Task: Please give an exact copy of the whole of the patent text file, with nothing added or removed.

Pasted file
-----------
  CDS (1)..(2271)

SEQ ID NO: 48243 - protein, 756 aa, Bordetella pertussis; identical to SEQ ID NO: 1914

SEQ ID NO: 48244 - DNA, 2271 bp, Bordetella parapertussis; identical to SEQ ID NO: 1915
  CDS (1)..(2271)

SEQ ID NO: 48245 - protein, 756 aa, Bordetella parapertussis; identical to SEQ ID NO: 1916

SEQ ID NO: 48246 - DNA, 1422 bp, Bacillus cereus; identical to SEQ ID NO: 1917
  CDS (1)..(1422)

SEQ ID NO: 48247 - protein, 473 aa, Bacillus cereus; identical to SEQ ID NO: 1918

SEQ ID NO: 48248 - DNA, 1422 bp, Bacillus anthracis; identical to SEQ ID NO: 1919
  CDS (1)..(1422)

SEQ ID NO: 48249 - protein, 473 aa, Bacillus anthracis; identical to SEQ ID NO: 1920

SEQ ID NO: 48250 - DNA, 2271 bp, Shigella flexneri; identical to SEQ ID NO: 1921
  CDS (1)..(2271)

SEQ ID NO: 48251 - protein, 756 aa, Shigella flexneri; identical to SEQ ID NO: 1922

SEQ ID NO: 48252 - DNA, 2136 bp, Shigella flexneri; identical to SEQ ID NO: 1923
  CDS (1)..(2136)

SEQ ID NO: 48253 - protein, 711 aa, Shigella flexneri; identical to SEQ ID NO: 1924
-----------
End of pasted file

  CDS (1)..(2271)

SEQ ID NO: 48243 - protein, 756 aa, Bordetella pertussis; identical to SEQ ID NO: 1914

SEQ ID NO: 48244 - DNA, 2271 bp, Bordetella parapertussis; identical to SEQ ID NO: 1915
  CDS (1)..(2271)

SEQ ID NO: 48245 - protein, 756 aa, Bordetella parapertussis; identical to SEQ ID NO: 1916

SEQ ID NO: 48246 - DNA, 1422 bp, Bacillus cereus; identical to SEQ ID NO: 1917
  CDS (1)..(1422)

SEQ ID NO: 48247 - protein, 473 aa, Bacillus cereus; identical to SEQ ID NO: 1918

SEQ ID NO: 48248 - DNA, 1422 bp, Bacillus anthracis; identical to SEQ ID NO: 1919
  CDS (1)..(1422)

SEQ ID NO: 48249 - protein, 473 aa, Bacillus anthracis; identical to SEQ ID NO: 1920

SEQ ID NO: 48250 - DNA, 2271 bp, Shigella flexneri; identical to SEQ ID NO: 1921
  CDS (1)..(2271)

SEQ ID NO: 48251 - protein, 756 aa, Shigella flexneri; identical to SEQ ID NO: 1922

SEQ ID NO: 48252 - DNA, 2136 bp, Shigella flexneri; identical to SEQ ID NO: 1923
  CDS (1)..(2136)

SEQ ID NO: 48253 - protein, 711 aa, Shigella flexneri; identical to SEQ ID NO: 1924